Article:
The fanatical attention to detail was obvious in the fact that the Resonessence Labs delayed shipping the review unit to me a few times just to ensure that they got it right, both on the hardware and software side.

So after all the time, effort and investment, did the Invicta meet the sky-high expectations of its creators? That is what this review is mandated to find out.



The unit arrived in a utilitarian, no-nonsense, triple box package and the first thing that struck me as I unpacked the unit was the compact size and the bulletproof built quality.

The modus operandi for assembly of the chassis is impressive, in that, the front panel is a structurally integrated part of the chassis assembly, not just a cover to hide a stamped steel sub-chassis. Like a well-built luxury car, the manufacturing tolerances are held within .001, which oozes quality and makes the fit and finish of the Invicta very easy on the eyes. The main front panel and chassis base are machined from a solid block of 6061 T6 aluminum, while the internal sheet metal components and fasteners are all manufactured from stainless steel.

It is obvious that the latest high speed Computer Numeric Control machining and Computer Aided Machining technology has been employed to ensure optimum consistency. The permanent markings on the front and rear panels are laser etched. The complex front panel sub-assembly has as many as 27 fasteners. All this attention to detail makes the front panel look like it has been sculpted from a block of solid granite. When manipulating the switches, buttons and knobs, one gets very reassuring tactile feedback; this is a component with bulletproof build quality.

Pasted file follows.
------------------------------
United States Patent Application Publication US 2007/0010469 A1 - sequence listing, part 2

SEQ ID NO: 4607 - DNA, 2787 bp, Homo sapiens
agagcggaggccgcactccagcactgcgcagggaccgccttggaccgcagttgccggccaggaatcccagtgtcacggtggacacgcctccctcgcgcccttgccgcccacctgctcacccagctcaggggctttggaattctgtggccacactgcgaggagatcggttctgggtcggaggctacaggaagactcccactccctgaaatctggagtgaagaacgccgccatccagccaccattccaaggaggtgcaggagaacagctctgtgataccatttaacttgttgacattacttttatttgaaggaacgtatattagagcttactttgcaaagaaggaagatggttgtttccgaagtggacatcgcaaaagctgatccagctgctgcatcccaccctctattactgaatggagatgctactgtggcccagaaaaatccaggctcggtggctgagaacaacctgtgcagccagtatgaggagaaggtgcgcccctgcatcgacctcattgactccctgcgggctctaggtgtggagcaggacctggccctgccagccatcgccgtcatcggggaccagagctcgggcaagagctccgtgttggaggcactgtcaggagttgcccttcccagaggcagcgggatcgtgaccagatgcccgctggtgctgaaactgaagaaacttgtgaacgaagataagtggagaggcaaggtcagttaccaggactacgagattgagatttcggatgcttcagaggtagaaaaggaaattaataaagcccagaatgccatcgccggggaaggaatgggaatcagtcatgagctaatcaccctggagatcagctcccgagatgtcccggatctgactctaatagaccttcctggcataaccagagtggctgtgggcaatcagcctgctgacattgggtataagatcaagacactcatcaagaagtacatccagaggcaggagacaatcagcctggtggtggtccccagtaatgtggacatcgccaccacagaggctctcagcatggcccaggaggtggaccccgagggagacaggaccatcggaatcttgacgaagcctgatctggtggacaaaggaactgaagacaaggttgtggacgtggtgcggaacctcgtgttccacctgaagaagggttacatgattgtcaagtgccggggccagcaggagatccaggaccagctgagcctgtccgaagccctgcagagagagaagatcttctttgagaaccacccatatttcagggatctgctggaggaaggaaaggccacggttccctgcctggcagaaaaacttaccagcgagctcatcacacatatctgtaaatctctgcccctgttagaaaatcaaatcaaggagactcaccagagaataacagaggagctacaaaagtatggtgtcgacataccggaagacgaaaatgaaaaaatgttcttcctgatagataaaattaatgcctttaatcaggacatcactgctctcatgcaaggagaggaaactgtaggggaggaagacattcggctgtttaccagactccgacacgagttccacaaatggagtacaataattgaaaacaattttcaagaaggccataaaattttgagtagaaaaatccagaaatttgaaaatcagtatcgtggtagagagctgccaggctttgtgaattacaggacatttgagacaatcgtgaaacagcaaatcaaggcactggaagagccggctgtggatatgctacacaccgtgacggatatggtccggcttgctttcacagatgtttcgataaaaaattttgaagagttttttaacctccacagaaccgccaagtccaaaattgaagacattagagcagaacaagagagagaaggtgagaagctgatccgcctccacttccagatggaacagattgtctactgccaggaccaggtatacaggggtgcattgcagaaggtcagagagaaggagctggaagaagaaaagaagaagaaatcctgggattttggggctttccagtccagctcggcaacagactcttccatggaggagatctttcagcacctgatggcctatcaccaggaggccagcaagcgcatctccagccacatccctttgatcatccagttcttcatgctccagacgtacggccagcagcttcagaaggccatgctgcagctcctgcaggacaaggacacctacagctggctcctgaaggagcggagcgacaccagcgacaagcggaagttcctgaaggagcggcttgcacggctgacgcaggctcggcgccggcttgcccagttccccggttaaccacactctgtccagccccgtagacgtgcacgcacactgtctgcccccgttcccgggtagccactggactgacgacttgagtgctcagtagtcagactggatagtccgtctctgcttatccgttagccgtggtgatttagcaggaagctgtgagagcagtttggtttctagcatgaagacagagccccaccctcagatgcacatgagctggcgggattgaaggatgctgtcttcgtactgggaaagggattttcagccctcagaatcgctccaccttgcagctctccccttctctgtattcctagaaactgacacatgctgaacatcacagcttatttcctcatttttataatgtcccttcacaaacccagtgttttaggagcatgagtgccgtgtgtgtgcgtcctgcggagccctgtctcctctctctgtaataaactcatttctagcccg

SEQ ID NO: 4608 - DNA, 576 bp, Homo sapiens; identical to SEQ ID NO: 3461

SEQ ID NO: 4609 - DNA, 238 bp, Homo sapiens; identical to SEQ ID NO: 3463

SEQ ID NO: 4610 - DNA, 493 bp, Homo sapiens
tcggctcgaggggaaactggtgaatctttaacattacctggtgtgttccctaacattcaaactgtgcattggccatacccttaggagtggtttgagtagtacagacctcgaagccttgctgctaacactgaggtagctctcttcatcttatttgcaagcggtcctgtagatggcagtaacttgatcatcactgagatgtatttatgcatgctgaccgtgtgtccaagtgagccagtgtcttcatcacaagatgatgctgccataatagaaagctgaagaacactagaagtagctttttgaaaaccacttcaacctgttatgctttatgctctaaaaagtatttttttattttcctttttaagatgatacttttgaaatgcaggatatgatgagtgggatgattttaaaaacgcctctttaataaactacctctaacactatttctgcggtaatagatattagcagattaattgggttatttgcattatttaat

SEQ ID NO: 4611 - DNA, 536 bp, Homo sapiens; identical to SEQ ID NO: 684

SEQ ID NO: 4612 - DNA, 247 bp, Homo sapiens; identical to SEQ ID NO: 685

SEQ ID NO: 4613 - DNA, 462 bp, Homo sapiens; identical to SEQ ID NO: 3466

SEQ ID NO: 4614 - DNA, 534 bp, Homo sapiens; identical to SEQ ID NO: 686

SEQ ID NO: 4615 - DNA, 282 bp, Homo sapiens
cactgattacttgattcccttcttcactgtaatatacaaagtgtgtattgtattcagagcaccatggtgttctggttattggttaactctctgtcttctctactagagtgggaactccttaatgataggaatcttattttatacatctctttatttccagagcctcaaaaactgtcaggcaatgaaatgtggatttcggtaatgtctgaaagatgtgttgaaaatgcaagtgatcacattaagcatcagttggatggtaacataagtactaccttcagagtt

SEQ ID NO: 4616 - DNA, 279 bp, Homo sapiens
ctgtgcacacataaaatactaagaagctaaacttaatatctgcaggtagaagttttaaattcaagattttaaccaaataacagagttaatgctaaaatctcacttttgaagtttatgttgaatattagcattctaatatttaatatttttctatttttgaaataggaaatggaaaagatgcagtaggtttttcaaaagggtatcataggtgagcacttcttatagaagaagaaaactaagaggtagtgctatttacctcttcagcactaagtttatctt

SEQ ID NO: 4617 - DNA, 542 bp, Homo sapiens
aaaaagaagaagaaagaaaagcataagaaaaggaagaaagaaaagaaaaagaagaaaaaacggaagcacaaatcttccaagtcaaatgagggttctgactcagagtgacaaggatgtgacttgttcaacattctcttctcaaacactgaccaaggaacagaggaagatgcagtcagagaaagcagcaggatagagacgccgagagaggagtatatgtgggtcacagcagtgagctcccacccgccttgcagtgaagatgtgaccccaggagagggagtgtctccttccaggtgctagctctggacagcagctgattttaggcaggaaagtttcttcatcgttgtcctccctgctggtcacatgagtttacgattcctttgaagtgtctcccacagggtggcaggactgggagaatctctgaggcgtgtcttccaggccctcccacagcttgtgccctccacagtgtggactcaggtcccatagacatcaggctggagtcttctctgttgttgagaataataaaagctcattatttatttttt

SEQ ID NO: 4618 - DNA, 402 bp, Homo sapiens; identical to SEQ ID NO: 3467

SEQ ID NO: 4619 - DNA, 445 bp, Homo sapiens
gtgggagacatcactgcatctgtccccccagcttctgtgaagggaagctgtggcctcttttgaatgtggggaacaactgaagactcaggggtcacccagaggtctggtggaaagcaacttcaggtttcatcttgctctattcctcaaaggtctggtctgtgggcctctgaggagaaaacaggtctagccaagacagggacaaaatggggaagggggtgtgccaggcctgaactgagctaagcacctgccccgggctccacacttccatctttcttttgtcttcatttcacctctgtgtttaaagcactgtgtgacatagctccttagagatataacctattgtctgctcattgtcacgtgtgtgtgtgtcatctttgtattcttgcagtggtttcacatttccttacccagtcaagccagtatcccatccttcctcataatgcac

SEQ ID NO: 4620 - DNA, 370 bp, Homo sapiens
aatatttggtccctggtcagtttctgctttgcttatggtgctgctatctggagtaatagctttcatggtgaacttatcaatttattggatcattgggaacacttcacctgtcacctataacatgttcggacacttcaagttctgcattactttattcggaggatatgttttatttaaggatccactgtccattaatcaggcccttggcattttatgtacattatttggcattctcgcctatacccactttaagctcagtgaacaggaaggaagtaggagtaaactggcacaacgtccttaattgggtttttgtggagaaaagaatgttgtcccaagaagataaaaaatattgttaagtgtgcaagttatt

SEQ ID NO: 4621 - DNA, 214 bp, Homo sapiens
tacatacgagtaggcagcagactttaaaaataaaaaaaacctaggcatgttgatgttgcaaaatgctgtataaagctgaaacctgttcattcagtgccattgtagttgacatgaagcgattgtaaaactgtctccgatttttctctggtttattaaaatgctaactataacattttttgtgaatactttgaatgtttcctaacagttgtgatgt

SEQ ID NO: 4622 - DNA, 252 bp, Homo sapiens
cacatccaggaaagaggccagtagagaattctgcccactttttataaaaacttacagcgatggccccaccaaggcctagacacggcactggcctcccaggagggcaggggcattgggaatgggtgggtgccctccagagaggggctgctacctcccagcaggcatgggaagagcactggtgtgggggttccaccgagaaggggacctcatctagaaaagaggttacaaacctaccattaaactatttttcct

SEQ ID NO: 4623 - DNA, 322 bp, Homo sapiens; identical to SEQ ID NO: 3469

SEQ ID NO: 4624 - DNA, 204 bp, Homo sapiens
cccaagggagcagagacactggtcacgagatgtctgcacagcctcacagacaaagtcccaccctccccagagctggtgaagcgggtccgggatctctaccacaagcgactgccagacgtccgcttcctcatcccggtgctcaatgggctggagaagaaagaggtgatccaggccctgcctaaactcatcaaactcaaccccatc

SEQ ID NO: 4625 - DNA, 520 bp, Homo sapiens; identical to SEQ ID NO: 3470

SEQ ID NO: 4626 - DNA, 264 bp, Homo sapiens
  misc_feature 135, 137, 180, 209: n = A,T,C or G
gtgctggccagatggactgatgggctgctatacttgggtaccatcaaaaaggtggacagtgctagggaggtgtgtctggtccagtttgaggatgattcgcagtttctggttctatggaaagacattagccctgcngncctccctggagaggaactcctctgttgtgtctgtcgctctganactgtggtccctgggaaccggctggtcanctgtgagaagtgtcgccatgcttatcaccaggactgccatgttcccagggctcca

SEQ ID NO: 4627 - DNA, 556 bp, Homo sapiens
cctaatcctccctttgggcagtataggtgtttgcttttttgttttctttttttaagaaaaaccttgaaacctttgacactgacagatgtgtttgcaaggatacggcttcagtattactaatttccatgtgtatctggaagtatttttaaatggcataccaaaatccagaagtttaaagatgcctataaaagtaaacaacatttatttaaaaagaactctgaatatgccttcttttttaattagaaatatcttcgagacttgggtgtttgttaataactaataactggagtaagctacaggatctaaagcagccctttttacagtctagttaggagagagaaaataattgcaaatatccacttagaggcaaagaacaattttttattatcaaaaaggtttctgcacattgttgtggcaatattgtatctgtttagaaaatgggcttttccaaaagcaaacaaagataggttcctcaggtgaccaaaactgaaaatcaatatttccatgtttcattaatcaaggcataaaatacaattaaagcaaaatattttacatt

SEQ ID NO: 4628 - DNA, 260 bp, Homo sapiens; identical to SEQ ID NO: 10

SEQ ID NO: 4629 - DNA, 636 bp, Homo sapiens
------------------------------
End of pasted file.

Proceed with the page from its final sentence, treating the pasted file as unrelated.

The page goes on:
Since Reasonessence Labs continuously run every unit for 100 hours before they ship it, little, if any further burn-in is usually required. However given the lengths to which Reasonessence went to ensure that no stone was unturned, I decided to do the same by giving it a further 45 hours of burn-in time, just to be sure the review was done with a thoroughly burned in unit.

While the unit was burning in, I began perusing through the technical specifications of the Invicta. On paper, the Invicta has the facts and figures that are likely to impress even the most discerning audiophile. Having said that, I have reviewed too many audio components that flattered in specifications, only to deceive via their actual performance, so despite such impressive specs, I always hold a healthy dose of skepticism, till my ears confirm that the specs actually translate into superior sound quality.

The parade of impressive specs begins with a dynamic range that is better than 125 dB complimented by an equally impressive -110dB THD and a bandwidth of 80kHz. The Invicta handles music files with resolutions from 16 to 24 bits and from 44.1k to 192k and all the common modes in between.

The rear panel analog output ports include balanced XLR and the more common RCA. The front panel has two headphone outputs with independent trim levels. Every audiophile whose eyesight is not what it used to be will welcome the relatively large, high resolution OLED front-panel display. This is one of the very few DACs out there, with a display that can actually be read even by the ‘not as young as we used to be’ baby boomers, from the listening position, even if it is over 9 feet away. 

The Invicta has an HDMI output that can be connected to a TV monitor to display and help maneuver through your play list.

The processing via USB input is done asynchronously, 2.0 with a Mac and 1.0 via a PC, with the convenience of plug and play (no add-on drivers required). The USB play controls like play, pause etc., are done via the front panel and using the remote control. The Invicta is one of the very few high-end DACs that can handle 24/192 resolution tracks via its USB input all on its own. There are DACs that cost 20% to 50% more, which need the assistance of another component to handle music files with 24/192 resolution via USB.  The Invicta is also capable of updating its firmware via its USB connection to the PC or Mac.